> software routers essentially means that it's a scaling bottleneck. In the
> cloud Infra uses that has SDN, we have to create multiple software routers
> to handle the scaling issues. On the other hand, direct routing / linuxbridge
> does NOT have this problem, because the network packets are routed
> directly.

Only if you gut the network stack by making it flat and making NaaS optional.

But for NaaS, OpenVSwitch backend does support scaled routing. Its called DVR. The linux bridge agent does not. And at the current rate of development, the Linux Bridge is likely not to. If NaaS really is critical, then OpenVswitch over linux bridge pays dividends.

> We should not delete SDN like we should delete floating IPs, because there
> are real users who have real uses cases and SDN helps them.
> However, it should be an opt-in feature for a user that is an add on.

Then app developers can't rely on it being there, and users can't have as much software readily available to launch in their tenant, weakening the ecosystem.
> vexxhost is getting this right right now - you automatically get a DHCP'd
> direct routed IP on each VM you provision, but if you decide you need fancy,
> you can opt in to create a private network.

Then how do you deal with a hypervisor dieing and dns records pointing to that ip? You encourage the vm a pet. This seems fine until it happens. Then it hurts.

> - DVR
> I'm an end user. I do not care about this at all. DVR is only important if you
> have bought in to software routers. It's a solution to a problem that would
> go away if things worked like networks.

I'm a cloud user too. I don't directly care about it either. Other then needing to ensure when I use NaaS, it scales. The how is irrelevant to me. If it's done with a Cisco neutron plugin, that's fine. I don't have to care. The thing that sucks is going from cloud to cloud, and having to write two sets of templates, one for nova-network  and one for neutron since the api's are different. The user is being forced to care. This is bad.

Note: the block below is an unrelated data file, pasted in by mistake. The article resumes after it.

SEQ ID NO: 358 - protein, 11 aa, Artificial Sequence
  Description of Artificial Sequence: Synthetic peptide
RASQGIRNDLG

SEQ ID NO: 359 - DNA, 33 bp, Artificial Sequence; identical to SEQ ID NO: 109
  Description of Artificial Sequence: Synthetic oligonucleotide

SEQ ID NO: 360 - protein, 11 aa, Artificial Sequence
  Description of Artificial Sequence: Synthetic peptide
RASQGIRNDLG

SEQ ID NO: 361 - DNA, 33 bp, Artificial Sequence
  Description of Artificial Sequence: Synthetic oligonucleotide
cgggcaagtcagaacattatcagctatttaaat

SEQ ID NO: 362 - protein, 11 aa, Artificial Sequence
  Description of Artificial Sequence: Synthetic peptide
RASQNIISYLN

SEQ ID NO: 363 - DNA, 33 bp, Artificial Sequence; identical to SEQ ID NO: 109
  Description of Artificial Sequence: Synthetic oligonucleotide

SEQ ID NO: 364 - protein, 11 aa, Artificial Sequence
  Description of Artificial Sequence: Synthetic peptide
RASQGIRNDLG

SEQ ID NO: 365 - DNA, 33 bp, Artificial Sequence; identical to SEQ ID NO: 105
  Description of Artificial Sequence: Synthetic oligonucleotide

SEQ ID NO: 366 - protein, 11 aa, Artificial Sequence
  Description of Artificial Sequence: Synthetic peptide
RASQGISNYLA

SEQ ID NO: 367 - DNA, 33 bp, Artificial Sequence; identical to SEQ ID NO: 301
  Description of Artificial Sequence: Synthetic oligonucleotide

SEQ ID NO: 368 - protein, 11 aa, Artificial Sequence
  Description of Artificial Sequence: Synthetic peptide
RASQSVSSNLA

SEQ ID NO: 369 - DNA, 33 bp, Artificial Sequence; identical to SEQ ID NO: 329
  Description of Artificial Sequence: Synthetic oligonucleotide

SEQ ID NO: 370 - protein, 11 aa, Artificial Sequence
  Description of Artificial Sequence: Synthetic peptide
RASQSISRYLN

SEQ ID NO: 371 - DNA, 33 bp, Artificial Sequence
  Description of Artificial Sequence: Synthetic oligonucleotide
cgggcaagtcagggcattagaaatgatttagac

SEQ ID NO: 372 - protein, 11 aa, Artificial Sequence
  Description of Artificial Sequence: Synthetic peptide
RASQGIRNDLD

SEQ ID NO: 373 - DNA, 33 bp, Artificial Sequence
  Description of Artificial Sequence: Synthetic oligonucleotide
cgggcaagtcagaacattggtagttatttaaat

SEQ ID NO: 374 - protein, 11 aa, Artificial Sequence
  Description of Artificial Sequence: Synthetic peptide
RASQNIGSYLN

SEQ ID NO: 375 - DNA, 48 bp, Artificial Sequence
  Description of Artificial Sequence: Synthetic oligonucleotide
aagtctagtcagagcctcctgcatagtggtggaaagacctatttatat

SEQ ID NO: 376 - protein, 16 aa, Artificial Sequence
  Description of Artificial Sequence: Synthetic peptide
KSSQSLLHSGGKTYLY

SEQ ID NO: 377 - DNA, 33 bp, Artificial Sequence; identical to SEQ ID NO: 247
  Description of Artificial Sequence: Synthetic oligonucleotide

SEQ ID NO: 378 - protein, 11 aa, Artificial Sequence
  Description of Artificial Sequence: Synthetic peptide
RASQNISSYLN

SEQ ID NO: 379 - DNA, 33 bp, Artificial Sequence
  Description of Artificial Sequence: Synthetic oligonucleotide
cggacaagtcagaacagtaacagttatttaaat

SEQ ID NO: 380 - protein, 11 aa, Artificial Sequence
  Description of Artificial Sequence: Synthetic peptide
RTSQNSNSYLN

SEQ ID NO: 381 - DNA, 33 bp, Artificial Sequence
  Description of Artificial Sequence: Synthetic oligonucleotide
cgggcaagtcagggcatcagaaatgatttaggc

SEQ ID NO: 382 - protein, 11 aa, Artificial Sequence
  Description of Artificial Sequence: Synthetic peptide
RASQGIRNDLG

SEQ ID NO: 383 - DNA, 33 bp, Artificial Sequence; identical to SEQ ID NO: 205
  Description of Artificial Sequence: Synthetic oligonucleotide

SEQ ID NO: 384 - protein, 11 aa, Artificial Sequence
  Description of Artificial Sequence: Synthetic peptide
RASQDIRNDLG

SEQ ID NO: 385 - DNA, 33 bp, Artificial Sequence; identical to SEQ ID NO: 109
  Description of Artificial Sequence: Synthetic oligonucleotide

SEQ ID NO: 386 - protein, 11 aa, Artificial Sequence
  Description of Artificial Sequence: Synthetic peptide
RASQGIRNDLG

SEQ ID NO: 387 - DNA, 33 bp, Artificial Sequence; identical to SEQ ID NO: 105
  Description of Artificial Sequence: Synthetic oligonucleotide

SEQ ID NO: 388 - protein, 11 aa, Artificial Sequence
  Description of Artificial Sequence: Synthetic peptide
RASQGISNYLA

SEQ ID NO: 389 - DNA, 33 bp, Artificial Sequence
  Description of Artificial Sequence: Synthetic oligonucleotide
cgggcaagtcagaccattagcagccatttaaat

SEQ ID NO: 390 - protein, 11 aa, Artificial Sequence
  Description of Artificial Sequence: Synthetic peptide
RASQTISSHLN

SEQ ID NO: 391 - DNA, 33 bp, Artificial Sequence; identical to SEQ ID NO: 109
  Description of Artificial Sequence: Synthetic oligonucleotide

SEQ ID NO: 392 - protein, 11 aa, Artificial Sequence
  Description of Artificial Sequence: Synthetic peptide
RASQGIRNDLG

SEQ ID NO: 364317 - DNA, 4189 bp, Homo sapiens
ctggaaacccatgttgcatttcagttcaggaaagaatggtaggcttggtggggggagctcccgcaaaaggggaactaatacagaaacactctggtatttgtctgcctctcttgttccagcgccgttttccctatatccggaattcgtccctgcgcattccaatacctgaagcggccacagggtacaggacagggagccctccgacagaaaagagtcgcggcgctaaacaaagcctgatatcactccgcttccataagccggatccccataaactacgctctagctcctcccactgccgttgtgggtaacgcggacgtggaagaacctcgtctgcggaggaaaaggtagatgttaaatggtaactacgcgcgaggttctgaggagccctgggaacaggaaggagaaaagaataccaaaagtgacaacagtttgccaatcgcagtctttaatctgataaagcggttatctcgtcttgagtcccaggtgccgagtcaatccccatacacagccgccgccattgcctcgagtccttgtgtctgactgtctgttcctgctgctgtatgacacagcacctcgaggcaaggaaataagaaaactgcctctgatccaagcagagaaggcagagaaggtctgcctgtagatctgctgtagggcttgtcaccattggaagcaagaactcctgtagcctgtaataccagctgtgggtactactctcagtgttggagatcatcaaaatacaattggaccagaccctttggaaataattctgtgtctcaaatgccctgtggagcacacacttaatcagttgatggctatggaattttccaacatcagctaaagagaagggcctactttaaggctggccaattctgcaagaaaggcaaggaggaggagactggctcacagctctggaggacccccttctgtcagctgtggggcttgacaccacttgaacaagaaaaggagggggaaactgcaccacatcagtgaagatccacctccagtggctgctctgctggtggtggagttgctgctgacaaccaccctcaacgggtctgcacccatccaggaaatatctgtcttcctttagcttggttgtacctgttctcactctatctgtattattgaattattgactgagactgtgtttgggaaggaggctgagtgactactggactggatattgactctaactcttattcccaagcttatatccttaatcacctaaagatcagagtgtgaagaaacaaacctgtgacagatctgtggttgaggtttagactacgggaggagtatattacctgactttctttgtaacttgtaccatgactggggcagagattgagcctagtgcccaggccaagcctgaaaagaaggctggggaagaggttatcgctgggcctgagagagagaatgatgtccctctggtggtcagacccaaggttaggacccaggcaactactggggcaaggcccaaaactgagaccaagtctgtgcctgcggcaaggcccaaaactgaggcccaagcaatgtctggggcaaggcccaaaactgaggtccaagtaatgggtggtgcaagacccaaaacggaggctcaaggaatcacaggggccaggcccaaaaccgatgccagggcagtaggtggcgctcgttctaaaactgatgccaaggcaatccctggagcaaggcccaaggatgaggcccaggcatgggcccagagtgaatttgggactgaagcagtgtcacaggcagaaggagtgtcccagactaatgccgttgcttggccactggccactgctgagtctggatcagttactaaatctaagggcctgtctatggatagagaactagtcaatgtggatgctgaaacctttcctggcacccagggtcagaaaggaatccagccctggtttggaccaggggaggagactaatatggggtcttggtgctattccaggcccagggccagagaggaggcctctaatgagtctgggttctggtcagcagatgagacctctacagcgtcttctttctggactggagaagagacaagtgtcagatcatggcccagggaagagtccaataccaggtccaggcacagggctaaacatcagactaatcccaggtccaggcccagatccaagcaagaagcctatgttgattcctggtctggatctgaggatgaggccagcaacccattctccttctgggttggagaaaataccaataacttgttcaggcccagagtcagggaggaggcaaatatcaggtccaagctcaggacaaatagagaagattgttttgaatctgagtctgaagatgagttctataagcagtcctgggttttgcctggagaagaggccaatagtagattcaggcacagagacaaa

> >:/ So is keeping nova-network around
> > forever. :/ But other then requiring some more training for ops
> >folks, I think Neutron can suit the rest of the use cases these days
> >nova-network provided over neutron. The sooner we can put the
> >nova-network issue to bed, the better off the ecosystem will be. It
> >will take a couple of years for the ecosystem to settle out to
> >deprecating it, since a lot of clouds take years to upgrade and
> >finally put the issue to bed. Lets do that sooner rather then later  so
> >a couple of years from now, we're done. :/
> I'm about to deploy a cloud, I'm going to run neutron, and I'm not going to
> run openvswitch because I do not need it. I will run the equiv of flatdhcp.

Its good that your using neutron. Its unfortunate for the community that this fracturing is occurring.

App developers have at least 3 targets. Nova-network, neutron with flat network, neutron with tenant networks. It's a lot of effort to write and debug one template, let alone 3. :/  Still, I'd prefer 2 over 3 any day. :/

> If neutron doesn't have it, I will write it, because it's that important that it
> exist.

So be it. One of the great things about open source is you can do whatever you want.

Oddly, this flexibility is also its Achilles heel. In the application space, it's a great thing. In an Operating System, it tends to hurt the flexibility of the things built on top. This is why Linux ultimately won over the BSD's. Linux stayed relatively fork free, while the BSD's are quite divergent. The lack of divergence helped Linux app developers.

Another example, take cellphones. Linux was early to that party, and lost, since so many different linux implementations targeted the phone space with different api's. Everyone followed their self interests, and the ecosystem on top never materialized since there were too many ways to do everything and nothing worked the same.

Google takes the same Linux kernel, puts a bit of userspace on top, calls it android and encourages an app ecosystem on top, and bam. The OS becomes the number one phone OS in terms of users. They do stuff to try and minimize forks and divergent functionality, and the whole ecosystem benefits from it. I'm not saying everything Google has done there has been good, but the general idea of app ecosystem encouragement is good.

OpenStack is an operating system and needs to encourage a wealth of users/apps on top of it. The main way to do that is to make sure your abstractions are clean enough that the stuff under the hood don't matter to the cloud user/app developer. But with nova-network/neutron, it does. Same with FlatDHCP. :/